“In the context of relevant philosophical models, one can begin to conceive of Eigner’s poems as actively occurring experiments in perception. Thus Eigner asks us to reconsider not just what kind of body a poet can use to perceive, but what kind of perceptive positions might be formed and reformed (for reader and poet) in the protean space of the poem. It is Eigner’s careful orchestration of simultaneous attentions that both critiques and points to the relevance of phenomenology to the reading of poetry.” — Hillary Gravendyk
Sometimes, it is the inability of writing to capture experience that is the most evocative. Over some years of attempting to achieve these translations, the best moments have been when my writing did not master the object but brushed it, almost touched it.
–Laura U. Marks, Touch: Sensuous Theory and Multisensory Media
“Galatea Resurrects #19” is online now, with lots of good stuff. Do stop by for a read. I review the latest edition of Lew Welch’s Ring of Bone.
With work also by Eileen Tabios, Joi Barrios, Arlene Biala, Rachelle Cruz, Karen Llagas, Luisa Igloria, Melissa Roxas, Melissa Sipin, and Sasha Pimentel Chacon. Edited by Barbara Jane Reyes.
By the way, the photo of me looking wonderfully cynical is by M.A. Fink.
According to Eileen Tabios, her “The Poetics of Educating ‘Shih'” (see it on the Bakery website) is shifting its energies. And I was thinking that, when you write these things, you’re sort of damned if you do, and damned if you don’t; certainly in my case, various aspects of a “poetics” are bound to change. About my “writing mostly online,” for example. Well, I’m starting to write more on paper now. And that definitely changes things like line breaks, breathing within the line, etc. So, WTH.
I think that “Babylan Poetics” still works for me, with its critique of colonialism, its environmental concerns, and support of indigenous rights, even though I’m pretty much an atheist and secular Buddhist at this point (taking into account the fact that “babaylan” also refers to a Filipina/o spiritual practice). But I’m an atheist with strong ties to community, as well as individual expression, and I respect many aspects of the indigenous world/cosmos view.
I’ve always been a lousy Buddhist. The “worst horse” I think they call it. Meditating on and off. Ethical when it suits me — although I try to do right. Art, on the other hand (whether verbal, textual, or sticky with paint), seems to be my “real” teacher. Follows me at a distance with a stick, comes closer and pats me on the head, withholds favors, makes me trot around and blog, opens up the world, makes me do research, lectures to me, sings to me, sends dreams, interrupts my thoughts and my work, sends down the harpies when I neglect my duties…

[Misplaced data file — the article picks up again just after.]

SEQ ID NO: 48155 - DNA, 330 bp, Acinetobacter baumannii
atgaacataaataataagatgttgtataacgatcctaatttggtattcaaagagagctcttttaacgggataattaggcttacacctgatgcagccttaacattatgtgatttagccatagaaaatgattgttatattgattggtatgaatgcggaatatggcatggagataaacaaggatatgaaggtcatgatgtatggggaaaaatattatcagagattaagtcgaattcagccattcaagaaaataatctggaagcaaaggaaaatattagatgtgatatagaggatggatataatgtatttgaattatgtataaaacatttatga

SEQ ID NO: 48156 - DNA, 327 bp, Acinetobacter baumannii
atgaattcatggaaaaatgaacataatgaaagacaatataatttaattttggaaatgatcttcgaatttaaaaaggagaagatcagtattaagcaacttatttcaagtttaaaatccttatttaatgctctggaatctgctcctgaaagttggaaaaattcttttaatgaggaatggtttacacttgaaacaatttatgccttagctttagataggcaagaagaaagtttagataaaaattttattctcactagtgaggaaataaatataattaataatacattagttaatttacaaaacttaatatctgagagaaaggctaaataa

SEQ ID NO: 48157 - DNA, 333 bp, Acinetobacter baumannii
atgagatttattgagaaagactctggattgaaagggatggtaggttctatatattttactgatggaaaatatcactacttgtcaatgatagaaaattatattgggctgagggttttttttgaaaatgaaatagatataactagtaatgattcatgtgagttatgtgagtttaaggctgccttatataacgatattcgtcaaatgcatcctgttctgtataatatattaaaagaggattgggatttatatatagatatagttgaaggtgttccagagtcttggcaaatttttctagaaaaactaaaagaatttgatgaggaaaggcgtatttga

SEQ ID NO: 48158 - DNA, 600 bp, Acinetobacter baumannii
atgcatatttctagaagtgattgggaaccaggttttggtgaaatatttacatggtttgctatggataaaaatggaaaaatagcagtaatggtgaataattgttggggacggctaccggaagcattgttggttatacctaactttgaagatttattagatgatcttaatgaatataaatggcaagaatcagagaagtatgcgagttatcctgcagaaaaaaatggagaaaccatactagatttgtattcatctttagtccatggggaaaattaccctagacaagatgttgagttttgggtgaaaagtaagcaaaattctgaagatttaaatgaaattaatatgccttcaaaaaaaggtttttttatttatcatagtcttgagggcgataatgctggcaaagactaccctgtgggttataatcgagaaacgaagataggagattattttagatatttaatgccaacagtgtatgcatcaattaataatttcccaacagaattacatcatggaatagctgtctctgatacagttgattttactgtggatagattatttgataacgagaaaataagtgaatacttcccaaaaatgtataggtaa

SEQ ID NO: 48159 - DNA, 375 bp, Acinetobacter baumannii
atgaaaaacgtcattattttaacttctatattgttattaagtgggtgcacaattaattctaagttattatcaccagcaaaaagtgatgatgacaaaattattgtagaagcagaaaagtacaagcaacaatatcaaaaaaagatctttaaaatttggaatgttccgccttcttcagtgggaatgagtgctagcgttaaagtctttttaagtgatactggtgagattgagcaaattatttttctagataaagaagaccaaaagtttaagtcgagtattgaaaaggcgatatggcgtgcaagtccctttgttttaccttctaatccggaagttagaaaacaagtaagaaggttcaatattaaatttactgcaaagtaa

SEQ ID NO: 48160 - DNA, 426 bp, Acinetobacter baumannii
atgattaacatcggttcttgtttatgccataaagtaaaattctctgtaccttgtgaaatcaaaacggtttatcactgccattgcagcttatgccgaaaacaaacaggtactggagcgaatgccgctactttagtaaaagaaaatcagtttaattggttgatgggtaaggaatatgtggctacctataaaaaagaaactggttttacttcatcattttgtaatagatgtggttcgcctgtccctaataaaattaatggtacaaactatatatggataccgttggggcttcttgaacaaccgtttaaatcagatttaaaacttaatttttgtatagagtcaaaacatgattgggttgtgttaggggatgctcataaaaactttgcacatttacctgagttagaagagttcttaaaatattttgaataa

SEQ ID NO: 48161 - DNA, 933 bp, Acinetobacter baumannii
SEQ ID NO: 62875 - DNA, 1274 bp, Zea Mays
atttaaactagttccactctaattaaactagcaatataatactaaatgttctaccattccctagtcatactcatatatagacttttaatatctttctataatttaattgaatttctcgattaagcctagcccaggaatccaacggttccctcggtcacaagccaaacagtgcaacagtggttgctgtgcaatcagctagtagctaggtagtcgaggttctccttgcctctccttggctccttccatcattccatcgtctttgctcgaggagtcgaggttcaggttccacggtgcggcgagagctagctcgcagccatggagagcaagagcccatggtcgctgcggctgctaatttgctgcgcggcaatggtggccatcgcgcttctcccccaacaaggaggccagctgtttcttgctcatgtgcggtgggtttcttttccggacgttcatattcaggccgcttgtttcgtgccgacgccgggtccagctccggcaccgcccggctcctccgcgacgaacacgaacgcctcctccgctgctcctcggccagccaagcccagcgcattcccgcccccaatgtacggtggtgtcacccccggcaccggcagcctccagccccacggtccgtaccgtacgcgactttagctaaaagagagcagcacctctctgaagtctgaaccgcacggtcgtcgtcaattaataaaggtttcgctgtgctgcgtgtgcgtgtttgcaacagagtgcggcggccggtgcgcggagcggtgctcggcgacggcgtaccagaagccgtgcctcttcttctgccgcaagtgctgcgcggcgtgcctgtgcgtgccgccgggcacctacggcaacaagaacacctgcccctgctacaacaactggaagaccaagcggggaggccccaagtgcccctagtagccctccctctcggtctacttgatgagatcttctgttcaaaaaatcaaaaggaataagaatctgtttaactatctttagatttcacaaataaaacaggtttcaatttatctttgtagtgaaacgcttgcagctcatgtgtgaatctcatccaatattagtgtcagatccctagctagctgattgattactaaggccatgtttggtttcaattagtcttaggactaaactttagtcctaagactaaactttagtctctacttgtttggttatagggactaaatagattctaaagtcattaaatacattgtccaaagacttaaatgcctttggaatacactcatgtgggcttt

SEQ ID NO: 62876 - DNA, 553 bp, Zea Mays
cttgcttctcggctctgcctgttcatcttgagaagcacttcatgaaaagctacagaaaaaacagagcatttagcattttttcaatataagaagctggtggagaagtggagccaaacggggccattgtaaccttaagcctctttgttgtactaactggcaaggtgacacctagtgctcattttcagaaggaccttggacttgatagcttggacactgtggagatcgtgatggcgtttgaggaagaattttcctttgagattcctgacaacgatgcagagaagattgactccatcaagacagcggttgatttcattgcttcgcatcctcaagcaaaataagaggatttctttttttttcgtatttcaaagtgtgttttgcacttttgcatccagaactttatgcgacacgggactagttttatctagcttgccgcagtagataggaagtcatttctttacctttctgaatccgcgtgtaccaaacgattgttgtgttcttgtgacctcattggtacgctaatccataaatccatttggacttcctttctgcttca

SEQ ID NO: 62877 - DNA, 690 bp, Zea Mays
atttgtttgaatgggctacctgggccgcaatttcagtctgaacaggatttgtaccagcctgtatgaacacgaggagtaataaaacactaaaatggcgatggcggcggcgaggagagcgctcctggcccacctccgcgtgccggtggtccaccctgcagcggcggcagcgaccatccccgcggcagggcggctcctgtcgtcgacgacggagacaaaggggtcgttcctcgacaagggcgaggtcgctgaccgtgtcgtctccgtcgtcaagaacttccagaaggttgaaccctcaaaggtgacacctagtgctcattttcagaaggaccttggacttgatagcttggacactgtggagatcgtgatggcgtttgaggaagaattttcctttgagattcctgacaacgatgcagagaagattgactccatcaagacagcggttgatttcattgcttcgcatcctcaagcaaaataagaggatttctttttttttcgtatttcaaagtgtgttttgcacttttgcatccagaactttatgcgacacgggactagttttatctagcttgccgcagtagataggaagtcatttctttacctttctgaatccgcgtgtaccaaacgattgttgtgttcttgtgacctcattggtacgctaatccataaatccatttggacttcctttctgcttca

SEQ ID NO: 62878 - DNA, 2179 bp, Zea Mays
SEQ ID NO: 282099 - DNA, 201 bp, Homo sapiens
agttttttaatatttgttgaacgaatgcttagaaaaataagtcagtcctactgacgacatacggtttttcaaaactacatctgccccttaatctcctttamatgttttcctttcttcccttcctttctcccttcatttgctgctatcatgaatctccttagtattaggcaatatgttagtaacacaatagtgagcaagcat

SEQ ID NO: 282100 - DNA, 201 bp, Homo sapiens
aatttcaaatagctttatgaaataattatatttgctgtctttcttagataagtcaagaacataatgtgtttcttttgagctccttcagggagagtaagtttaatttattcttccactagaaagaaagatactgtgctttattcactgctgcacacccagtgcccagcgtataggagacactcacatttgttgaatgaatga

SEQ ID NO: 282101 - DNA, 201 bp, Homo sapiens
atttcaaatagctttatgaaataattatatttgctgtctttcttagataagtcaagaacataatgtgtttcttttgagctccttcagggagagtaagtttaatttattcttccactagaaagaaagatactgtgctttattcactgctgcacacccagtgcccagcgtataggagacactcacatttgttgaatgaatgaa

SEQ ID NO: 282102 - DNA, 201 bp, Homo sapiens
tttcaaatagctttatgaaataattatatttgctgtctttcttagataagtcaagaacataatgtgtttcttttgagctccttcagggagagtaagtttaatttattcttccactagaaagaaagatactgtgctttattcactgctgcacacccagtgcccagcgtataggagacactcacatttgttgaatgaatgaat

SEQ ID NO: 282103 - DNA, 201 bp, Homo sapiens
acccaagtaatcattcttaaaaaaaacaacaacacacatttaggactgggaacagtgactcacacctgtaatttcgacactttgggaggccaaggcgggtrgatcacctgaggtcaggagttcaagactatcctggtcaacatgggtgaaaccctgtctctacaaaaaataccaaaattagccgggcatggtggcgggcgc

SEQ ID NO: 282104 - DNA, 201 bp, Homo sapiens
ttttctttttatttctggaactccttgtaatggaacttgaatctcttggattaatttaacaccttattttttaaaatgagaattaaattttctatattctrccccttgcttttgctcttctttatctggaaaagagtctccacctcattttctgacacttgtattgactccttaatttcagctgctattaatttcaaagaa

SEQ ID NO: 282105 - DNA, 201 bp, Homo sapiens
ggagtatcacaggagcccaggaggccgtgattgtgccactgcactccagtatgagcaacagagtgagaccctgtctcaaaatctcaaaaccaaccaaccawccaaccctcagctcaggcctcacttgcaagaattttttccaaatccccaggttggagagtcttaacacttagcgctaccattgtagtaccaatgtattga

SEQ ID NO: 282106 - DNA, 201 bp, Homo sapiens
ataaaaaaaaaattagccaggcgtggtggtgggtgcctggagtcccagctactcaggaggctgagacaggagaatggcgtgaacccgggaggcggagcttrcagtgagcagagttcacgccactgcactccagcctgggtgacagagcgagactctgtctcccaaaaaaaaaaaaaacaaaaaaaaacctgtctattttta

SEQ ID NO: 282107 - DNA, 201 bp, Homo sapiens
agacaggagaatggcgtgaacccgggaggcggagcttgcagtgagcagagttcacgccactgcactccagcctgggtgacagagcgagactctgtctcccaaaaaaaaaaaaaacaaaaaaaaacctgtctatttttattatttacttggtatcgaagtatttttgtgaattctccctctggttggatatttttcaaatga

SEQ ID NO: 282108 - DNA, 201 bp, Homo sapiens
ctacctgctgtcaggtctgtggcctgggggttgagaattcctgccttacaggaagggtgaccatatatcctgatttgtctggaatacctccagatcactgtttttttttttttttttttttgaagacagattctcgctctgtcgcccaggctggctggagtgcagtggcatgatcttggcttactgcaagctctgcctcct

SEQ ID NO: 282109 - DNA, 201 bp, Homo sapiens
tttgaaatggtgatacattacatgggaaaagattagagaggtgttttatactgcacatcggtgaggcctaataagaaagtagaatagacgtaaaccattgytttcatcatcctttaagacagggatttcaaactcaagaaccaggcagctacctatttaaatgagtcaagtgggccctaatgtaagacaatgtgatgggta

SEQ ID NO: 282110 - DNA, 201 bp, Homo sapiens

It occurs to me that not writing poetry, that painting instead, or not painting, is also about poetry. So is deciding to go for a walk today, and gessoing wood panels, and posting a photo of graffiti by Phlegm. So is this tea and this paint; so is disillusionment with systems, communities, and institutions; so is the ache in my legs, and the ideas I have for writing more poems, which I may or may not write, and the manuscript that never quite gets to that final, final, edit, before being submitted to various unknown and unknowable publishers.
I heard Eileen give this talk at the Bay Area APIA Avant Garde Poets reading in San Francisco, in which I also participated. My powers of focus are not great these days. I heard it, but I’m glad she wrote it down. I keep coming back to this.
I’ll note some techniques I’ve used that overlap with some approaches used by some poets who’ve been called avant garde. These would be collage, the use of found material, the reliance on the materiality of language and last but not least abstraction. But I don’t use these techniques to get away from the self, my self (which some poets have said as a motivation). I use these techniques to include others (for example, others’ texts). And as regards abstraction, I don’t use that technique to say nothing autobiographical; I use it to listen to others. That is, if others interpret my abstract poems in the way a viewer may interpret an abstract painting, there is content coming from another person and my job as poet is to listen after I’ve provided the microphone. I am there, listening.